A writer in the Christian Science Monitor asks Can Bush make America more competitive in math and science? and other difficult questions about the president’s education plans laid out in his State of the Union address.
In a nation that seems to have a cultural aversion to tackling “hard” subjects like math and science, can those numbers be achieved? And without the stark image of Sputnik – the Soviet satellite whose launch in 1957 caught the US by surprise – to spur a fear of national decline, will the nation rally to the “competitiveness” cause and push Congress to fund the plan?
That phrase “cultural aversion” is a perfect descriptor for the way we as a society approach math and science. For evidence, try telling people in a gathering that you teach math (or science). Then stand back and listen to people tell you either how poor their knowledge of the subject is (sometimes with a hint of pride) or how they don’t like it.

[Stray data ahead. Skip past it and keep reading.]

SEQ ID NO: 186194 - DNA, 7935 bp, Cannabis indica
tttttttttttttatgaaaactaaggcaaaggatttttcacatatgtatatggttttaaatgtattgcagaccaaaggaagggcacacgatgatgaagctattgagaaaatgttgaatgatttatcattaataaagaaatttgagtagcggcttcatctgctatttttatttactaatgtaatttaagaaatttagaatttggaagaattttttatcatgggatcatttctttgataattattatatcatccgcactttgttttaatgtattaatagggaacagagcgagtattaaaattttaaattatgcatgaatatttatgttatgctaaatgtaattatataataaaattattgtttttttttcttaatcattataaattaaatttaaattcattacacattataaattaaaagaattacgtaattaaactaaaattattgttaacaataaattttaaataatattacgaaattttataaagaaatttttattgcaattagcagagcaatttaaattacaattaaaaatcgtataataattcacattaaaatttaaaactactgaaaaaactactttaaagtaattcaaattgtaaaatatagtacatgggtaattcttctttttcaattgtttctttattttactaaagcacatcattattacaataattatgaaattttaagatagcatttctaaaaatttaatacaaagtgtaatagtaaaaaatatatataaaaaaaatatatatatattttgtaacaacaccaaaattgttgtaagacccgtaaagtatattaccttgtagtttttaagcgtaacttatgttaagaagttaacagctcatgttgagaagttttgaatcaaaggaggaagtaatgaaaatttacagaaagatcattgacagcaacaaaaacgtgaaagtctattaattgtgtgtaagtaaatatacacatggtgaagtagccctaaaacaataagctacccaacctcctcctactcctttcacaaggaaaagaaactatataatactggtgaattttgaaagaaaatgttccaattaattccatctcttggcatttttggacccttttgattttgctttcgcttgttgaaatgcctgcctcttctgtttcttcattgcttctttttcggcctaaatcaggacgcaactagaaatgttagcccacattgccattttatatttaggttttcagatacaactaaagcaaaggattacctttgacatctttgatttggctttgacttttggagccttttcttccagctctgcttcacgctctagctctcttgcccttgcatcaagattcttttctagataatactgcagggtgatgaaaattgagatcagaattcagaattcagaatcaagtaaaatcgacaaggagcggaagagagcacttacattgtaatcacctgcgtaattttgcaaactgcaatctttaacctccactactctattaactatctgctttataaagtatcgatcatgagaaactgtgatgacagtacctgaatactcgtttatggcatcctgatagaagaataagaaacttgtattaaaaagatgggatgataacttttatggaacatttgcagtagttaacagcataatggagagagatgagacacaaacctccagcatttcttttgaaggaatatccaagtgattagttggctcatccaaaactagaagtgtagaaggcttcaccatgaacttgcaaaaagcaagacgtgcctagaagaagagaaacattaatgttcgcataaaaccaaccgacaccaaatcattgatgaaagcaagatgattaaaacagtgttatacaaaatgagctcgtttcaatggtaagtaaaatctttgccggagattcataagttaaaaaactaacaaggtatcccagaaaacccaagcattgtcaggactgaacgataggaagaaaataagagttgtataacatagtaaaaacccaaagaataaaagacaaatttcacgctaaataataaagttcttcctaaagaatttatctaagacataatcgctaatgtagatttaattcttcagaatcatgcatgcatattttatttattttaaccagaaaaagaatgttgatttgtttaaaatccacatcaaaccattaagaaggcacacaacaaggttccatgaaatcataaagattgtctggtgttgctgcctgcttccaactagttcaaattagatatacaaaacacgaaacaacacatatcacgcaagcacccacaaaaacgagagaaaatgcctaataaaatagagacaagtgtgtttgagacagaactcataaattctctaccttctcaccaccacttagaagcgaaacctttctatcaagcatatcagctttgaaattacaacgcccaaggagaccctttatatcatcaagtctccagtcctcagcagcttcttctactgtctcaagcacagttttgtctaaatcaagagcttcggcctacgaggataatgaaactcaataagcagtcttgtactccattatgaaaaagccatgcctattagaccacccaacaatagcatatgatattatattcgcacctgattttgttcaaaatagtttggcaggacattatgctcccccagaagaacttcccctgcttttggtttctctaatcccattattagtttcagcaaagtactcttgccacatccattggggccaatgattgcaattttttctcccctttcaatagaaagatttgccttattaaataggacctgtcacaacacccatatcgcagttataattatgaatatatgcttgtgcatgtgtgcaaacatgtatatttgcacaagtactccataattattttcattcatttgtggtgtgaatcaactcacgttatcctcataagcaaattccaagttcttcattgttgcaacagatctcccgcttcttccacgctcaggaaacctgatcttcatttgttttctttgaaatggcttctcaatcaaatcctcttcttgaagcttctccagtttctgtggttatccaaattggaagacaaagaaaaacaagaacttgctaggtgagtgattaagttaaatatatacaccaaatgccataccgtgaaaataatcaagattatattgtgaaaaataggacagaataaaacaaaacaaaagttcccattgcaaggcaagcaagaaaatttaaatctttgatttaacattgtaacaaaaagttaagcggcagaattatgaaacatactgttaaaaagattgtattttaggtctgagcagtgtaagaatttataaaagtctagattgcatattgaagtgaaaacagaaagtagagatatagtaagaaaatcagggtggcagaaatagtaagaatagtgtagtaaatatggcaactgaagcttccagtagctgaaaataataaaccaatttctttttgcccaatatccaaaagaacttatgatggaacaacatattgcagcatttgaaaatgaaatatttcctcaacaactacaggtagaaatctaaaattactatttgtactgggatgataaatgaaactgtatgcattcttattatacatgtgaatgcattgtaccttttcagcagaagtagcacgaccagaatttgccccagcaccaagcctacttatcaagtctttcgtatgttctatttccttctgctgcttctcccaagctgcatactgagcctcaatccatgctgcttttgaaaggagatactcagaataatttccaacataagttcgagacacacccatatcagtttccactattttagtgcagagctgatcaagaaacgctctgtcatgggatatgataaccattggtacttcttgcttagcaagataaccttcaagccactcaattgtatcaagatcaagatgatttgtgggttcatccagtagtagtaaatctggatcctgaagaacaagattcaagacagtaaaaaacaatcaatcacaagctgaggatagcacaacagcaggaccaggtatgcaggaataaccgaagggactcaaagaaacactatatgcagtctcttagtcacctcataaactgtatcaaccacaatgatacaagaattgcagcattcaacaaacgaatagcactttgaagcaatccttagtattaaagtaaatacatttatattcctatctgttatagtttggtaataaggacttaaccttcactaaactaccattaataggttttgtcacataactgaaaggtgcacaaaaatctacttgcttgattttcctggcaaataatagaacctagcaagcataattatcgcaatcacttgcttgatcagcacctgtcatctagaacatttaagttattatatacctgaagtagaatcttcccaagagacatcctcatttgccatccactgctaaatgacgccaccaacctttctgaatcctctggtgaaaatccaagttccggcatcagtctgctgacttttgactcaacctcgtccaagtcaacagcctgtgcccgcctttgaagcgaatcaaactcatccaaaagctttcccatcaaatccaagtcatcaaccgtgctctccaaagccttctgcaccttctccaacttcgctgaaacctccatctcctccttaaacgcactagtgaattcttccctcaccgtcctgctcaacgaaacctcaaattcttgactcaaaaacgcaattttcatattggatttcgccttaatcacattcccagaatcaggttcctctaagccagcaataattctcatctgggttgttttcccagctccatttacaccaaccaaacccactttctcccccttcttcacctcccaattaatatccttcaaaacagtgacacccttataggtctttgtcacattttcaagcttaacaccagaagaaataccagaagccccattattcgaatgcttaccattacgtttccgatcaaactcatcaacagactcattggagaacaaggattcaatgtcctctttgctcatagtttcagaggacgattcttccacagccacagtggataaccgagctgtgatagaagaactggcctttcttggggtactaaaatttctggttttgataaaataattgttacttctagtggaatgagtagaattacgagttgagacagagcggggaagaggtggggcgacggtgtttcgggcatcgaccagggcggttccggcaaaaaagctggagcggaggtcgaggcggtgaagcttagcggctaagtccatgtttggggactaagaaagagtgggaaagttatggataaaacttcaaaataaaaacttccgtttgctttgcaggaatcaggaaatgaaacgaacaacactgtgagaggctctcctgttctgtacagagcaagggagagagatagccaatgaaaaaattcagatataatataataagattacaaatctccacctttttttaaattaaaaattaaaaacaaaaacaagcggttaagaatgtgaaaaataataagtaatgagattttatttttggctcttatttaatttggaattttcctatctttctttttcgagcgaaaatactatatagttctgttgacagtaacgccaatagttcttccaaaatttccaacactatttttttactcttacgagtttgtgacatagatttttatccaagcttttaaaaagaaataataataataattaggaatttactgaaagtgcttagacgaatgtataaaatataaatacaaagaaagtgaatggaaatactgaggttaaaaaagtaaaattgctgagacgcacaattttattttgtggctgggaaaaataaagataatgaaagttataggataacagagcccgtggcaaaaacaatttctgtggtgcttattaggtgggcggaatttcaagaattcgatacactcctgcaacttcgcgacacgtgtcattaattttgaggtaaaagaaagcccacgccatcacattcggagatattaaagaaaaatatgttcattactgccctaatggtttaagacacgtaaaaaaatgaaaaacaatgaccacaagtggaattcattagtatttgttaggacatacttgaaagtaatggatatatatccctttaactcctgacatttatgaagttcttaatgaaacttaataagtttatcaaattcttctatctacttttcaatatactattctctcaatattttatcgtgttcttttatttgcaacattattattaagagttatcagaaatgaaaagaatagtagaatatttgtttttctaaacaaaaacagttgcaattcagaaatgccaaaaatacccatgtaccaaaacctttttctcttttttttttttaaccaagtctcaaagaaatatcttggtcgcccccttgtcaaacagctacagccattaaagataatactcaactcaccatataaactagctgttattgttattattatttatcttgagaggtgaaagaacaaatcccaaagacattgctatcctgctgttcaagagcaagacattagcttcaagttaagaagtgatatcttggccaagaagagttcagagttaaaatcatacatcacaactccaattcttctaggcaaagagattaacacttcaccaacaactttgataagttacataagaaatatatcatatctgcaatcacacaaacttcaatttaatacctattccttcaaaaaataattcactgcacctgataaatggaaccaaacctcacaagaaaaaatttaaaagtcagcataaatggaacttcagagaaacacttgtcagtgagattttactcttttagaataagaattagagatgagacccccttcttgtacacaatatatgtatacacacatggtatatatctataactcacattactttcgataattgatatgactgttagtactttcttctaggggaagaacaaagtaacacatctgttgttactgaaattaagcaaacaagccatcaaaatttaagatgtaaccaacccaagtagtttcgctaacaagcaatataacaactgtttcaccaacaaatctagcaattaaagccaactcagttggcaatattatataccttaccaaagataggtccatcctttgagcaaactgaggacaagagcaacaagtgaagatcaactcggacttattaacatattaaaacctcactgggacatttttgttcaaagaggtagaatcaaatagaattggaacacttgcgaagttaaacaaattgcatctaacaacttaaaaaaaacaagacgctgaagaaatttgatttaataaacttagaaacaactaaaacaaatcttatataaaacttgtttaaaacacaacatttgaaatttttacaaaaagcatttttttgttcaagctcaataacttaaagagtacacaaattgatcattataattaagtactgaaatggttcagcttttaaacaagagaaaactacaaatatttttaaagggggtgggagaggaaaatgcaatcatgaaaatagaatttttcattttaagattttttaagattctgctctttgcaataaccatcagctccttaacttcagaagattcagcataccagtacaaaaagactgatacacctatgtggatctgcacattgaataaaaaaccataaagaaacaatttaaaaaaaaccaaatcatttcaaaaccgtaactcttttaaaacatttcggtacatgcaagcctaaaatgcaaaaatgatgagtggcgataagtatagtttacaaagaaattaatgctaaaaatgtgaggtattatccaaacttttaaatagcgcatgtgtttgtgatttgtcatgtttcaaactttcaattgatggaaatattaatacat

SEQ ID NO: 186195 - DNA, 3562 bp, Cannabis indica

However, even if we did have a Sputnik-like national emergency to spur the improvement in teaching math and science, there is still the matter of the 800-pound gorilla in the mix.
Education experts are also wondering whether Bush’s first-term education initiative – No Child Left Behind (NCLB), which aims to improve the achievement of low performers – will work at cross-purposes with the American Competitiveness Initiative. The FY 2007 budget for the Department of Education took a big hit – a 5.5 percent reduction. Education Secretary Margaret Spellings maintains that the department can do both: raise the bottom and enhance achievement at the top. The budget would boost funding for NCLB by 4.6 percent.
The only problem with Ms. Spellings optimism is that NCLB is only raising the bottom. The net effect is to level everything out at the lowest common denominator. The law is an impediment to raising standards in math and science education by keeping the teaching of these subjects at the level of the standardized test.